Far from being a grassroots-driven, spontaneous protest against climate change, the Extinction Rebellion (XR) is an internationally funded, highly planned organisation that pays its supporters to protest, or more accurately, rebel. And it is determined to overthrow democracy.
Paul Homewood’s article, “Is George Soros Funding Extinction Rebellion?”, on the Not a Lot of People Know That website, reveals the documents from XR’s database that were accessed by “an enterprising individual”. The documents show that large, powerful donors have contributed to the £1.032 million ($A1.94 million) XR raised in the 12 months to July 2019.
Major donors and the amounts donated were:
- £121,140. Children’s Investment Fund Foundation, a London-based hedge fund that uses hundreds of millions of dollars of its investors’ money to promote abortion and long-term contraception for teenage girls, and will spend half a billion dollars over the next five years on “climate action”.
- £50,000. Joe Corré, son of English fashion designer Vivienne Westwood, who herself is worth $US50 million.
- £50,000. Furka Holdings, owned by Alasdair Breach, director of the Bank of Georgia and former Goldman Sachs economist based in Moscow. He previously held chief economist and head of research and managing director positions at Brunswick UBS (later UBS Russia).
- £20,000. The European Climate Foundation.
- £10,000. Greenpeace.
- £7,454. Tides Foundation, a far-left American charity that funds a wide range of left-wing causes.
- George Soros, whose net worth is $US8.3 billion. Despite trumpeting their “public and transparent” credentials, XR’s funding spreadsheet shows a payment received from Soros but leaves the amount column blank, so we have no idea how much he gave.
Since the above figures were cited in August, XR has received further donations: £300,000 from rock band Radiohead, another £10,000 from Greenpeace, and £50,000 from one of Britain’s wealthiest men, Sir Christopher Hohn. Aileen Getty of Getty oil-fame donated £485,000 to the Climate Emergency Fund, which has given more than £320,000 to XR in the last six months.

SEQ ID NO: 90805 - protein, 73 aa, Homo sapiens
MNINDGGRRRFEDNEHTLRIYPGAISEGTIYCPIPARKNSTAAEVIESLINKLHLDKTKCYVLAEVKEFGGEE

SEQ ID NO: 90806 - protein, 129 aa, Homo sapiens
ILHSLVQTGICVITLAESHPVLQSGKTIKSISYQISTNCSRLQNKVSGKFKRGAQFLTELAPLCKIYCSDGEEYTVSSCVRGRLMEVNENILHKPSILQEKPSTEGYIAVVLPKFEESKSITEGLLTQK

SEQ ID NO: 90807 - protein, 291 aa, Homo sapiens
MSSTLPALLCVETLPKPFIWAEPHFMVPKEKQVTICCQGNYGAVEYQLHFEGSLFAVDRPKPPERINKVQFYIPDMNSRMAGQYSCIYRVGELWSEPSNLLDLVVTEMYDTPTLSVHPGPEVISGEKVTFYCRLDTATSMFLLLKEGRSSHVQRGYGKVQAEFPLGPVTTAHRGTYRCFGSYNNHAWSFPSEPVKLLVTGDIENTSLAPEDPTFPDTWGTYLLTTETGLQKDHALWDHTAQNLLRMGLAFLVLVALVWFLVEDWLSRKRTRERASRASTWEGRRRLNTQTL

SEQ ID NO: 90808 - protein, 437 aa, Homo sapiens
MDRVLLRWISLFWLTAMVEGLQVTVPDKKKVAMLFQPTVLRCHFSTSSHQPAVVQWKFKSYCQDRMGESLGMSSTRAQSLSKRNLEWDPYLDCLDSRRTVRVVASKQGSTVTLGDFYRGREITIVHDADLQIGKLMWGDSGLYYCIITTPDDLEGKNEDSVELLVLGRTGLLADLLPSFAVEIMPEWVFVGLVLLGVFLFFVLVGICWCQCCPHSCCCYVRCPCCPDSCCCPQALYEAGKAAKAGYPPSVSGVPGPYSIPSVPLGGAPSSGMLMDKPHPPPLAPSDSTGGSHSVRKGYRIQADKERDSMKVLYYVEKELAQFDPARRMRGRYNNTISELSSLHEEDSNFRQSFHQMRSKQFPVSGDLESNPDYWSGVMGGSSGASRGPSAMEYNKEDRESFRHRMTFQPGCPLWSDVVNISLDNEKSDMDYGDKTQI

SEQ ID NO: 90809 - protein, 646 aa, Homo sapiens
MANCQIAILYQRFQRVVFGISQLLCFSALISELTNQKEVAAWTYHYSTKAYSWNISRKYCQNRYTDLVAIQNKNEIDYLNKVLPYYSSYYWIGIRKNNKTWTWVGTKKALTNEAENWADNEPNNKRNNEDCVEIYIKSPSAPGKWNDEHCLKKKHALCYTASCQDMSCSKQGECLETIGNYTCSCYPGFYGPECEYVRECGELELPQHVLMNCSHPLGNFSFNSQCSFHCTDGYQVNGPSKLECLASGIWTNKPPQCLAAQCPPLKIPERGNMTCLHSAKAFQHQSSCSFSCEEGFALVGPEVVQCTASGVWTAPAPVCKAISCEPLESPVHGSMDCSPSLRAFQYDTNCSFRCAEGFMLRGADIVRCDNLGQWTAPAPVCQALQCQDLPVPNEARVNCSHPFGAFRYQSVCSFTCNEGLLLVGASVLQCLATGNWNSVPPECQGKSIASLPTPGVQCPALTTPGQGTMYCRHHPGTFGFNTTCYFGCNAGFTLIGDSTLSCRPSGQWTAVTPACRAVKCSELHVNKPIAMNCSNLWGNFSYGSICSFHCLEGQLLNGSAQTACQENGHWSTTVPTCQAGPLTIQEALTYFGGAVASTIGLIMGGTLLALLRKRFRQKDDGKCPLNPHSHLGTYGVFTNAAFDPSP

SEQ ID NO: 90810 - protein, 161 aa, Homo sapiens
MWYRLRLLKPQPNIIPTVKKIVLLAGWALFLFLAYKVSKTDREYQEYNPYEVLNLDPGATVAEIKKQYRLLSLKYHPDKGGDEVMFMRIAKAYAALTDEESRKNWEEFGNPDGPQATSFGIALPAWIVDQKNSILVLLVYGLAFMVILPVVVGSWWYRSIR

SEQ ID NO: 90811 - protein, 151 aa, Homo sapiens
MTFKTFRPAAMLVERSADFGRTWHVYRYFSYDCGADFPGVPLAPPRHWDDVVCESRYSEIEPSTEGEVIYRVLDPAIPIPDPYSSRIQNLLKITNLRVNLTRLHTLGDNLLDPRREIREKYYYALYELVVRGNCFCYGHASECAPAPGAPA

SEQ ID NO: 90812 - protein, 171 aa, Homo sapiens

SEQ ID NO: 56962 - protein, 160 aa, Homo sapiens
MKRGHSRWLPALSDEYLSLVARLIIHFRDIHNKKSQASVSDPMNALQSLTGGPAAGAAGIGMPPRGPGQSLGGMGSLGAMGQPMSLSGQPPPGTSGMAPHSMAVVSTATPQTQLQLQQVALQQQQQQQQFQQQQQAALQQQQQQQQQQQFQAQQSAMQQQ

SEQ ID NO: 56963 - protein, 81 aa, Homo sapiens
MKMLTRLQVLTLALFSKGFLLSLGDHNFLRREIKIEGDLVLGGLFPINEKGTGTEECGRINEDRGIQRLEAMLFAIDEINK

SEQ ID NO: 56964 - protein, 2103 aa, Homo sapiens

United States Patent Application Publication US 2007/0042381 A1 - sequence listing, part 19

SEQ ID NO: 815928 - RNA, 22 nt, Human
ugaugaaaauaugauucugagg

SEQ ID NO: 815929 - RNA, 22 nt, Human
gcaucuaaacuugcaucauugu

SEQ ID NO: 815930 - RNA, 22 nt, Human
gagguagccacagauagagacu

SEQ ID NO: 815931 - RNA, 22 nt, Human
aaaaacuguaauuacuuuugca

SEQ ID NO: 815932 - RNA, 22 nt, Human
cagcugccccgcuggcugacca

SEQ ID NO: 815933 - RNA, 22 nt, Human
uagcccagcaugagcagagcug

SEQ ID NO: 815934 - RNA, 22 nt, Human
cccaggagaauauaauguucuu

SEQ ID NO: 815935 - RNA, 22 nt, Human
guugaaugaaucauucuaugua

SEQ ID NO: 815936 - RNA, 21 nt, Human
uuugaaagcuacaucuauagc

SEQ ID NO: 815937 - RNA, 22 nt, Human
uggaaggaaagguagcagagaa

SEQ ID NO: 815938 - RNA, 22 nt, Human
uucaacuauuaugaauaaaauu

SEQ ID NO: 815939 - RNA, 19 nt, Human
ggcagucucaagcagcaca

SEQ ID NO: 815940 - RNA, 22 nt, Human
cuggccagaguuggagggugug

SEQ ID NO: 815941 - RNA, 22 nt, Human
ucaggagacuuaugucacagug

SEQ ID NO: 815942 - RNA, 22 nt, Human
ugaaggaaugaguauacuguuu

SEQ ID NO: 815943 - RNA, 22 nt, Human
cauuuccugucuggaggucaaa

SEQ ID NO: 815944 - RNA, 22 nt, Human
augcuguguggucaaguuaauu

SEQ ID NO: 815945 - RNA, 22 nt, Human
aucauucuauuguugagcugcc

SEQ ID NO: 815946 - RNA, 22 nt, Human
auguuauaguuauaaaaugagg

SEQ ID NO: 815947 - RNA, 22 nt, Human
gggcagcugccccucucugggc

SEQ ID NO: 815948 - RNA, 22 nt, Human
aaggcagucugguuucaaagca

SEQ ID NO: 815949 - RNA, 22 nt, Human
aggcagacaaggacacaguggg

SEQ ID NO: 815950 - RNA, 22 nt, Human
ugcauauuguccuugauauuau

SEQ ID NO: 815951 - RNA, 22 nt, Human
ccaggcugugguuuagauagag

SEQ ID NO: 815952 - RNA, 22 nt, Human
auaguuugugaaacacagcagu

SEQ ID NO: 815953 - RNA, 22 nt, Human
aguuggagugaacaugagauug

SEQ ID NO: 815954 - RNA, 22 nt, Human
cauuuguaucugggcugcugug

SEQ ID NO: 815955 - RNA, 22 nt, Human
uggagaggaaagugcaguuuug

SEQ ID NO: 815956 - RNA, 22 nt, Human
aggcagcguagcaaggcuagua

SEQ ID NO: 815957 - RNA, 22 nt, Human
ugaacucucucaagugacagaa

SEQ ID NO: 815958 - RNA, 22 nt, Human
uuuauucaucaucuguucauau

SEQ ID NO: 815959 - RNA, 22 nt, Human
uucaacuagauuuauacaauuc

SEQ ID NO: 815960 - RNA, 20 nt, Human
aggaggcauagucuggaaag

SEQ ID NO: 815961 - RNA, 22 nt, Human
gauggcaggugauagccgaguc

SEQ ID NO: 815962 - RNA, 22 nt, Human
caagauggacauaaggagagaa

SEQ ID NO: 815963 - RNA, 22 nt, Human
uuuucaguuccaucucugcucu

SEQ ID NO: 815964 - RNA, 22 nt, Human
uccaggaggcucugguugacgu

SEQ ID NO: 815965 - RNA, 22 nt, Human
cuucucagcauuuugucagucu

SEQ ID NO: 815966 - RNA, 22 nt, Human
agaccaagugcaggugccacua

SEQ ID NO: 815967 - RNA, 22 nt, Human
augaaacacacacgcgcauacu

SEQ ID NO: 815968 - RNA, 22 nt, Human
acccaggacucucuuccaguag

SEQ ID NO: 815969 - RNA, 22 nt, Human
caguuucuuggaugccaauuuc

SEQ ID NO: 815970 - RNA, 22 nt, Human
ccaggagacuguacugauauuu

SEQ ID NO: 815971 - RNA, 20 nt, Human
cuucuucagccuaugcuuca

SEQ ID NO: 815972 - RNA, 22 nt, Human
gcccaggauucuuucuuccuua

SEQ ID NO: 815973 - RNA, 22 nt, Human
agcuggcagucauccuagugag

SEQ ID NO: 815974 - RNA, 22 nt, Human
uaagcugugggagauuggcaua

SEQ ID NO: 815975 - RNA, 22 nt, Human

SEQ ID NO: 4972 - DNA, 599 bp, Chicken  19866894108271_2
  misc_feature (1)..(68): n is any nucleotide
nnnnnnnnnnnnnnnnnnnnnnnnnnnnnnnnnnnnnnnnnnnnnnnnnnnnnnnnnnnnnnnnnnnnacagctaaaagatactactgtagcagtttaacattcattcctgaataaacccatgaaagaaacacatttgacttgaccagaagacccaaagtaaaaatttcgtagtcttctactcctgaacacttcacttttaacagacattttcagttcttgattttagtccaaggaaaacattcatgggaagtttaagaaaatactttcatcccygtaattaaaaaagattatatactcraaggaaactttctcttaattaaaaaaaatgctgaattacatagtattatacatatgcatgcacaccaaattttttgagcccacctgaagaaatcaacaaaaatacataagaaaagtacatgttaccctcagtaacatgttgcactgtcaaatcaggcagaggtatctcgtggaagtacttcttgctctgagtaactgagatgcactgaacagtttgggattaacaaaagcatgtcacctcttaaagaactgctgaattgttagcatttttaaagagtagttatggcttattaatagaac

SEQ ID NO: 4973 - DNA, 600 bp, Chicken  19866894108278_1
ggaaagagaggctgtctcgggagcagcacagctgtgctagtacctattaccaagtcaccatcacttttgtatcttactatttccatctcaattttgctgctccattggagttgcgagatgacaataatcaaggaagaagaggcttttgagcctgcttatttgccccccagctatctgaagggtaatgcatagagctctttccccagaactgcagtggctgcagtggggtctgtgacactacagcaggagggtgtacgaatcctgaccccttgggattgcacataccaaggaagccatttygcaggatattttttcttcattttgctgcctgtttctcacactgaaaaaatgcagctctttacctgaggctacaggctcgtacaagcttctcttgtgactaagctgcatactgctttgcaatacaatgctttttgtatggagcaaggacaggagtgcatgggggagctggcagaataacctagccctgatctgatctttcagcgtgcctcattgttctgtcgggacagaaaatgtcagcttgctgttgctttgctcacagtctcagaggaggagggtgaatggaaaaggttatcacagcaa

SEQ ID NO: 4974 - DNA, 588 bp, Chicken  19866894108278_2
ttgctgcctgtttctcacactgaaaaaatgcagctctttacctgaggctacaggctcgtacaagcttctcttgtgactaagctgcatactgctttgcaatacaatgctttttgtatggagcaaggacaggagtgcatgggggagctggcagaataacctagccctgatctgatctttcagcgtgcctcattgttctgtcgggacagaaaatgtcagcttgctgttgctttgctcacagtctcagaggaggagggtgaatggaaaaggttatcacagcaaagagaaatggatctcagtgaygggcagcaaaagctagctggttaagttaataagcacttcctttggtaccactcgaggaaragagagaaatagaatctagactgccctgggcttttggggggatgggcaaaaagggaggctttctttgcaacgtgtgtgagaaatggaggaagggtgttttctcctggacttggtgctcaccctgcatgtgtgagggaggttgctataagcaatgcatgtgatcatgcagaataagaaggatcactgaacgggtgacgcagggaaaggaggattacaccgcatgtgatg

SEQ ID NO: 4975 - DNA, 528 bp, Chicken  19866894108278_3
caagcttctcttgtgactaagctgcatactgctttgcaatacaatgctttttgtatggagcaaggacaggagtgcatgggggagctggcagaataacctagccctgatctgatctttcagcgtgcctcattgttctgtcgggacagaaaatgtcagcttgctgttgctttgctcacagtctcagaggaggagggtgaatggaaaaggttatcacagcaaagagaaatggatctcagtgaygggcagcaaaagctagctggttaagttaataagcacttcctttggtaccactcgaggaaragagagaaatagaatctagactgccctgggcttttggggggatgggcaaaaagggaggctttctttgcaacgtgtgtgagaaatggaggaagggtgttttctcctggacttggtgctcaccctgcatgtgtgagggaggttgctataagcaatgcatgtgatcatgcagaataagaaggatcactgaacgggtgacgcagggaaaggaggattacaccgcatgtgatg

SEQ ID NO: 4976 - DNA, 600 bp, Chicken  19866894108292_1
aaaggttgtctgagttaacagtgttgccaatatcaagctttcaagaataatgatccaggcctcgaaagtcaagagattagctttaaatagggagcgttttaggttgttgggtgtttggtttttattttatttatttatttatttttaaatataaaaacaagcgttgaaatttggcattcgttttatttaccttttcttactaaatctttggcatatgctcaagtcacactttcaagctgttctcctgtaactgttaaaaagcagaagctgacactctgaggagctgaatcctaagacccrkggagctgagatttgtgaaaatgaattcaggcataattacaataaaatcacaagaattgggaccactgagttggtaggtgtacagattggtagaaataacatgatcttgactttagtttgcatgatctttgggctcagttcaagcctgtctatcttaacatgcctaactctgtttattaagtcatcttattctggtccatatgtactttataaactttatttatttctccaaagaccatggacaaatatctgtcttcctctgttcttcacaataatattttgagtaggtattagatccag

The UK Daily Mail reported that XR activists were being paid £400 a week to lead the protests, with the protestors being paid a total of £200,000 since the start of the scheme. With the cost of payments increasing by at least £40,000 a month, activists are targeting “high net worth individuals” for more funds.
XR uses Glass Frog, an online business tool that uses a concept called “holacracy”. According to Glass Frog’s website, holacracy enables “one rule book that everyone refer[s] to, including the CEO …, offers a concrete, actionable rule-set … [and] provide[s] a framework that helps you customise the specific processes you need for your business”.
Thus, XR is highly structured and organised, even if its protestors appear to be a rag-tag assembly of nutters.
So, what are XR’s demands?
- Governments must declare a climate and ecological emergency.
- Net zero emissions by 2025 and halting biodiversity loss.
- Governments must create and be led by the decisions of a Citizens’ Assembly on climate and ecological justice.
But XR’s demands go way further than just tackling “climate-change”. They ultimately seek a total collapse of democracy, after which devotees of their worldview will then hold the reins of power.
James Delingpole writes in Breitbart, exposing a private briefing document which lists XR’s aims. One of those aims is “to build structure, community and test prototypes in preparation for the coming structural collapse of the regimes of Western ‘democracies’ – now seen as inevitable due to stored up crisis. Thus preparing a foundation to transform society and resist fascism/other extremes. This includes creating rising from the wreckage: a Citizens Assembly based on sortition [drawing lots].”
The document lays out another of XR’s aims as “to show to radical people (and internationally) that it is possible to have an ‘impossible’ plan and carry out a rebellion – however small (or large!) and thus increase the ‘Overton window’ of acceptable discourse on the ecological crisis”. The “Overton window” is the range of ideas tolerated in public discourse.
Indicative of the anarchic tactics of XR, co-founder Gail Bradbrook incited mass-disobedience in a radio interview, saying: “the kinds of things people could do is refusing to pay taxes or take in loans from the finance system with no intention of paying it back … I mean, there’s all sorts of possibilities.”
Fellow XR co-founder Roger Hallam was studying a PhD in civil disobedience at Kings College, London, until recently and was jailed for six weeks for protesting in London.
One of the aspects of the XR protests that stands out is the theatrical nature of them. Protestors donning medieval red costumes while striking apocalyptic poses; rows of highly choreographed fake-moustache wearing men in brightly coloured air-marshal uniforms brandishing batons promoting a ban on air travel; a choreographed group on Manly Beach with their heads buried in the sand; the list goes on. It is no wonder that the costs incurred in choreographing and paying the protestors in London was up £20,000 a day according to XR finance co-ordinator Andrew Medhurst.
Whether by design or because it makes for arresting news footage, the media has helped XR’s cause by giving blanket coverage of the protests. The UK Parliament capitulated to XR’s ultimatums by declaring a climate emergency and vowing to achieve net zero carbon emissions by 2050, albeit 25 years later than what XR demanded. Let’s hope the Australian federal and state governments have more sense than to give in to the demands of highly-organised anarchists.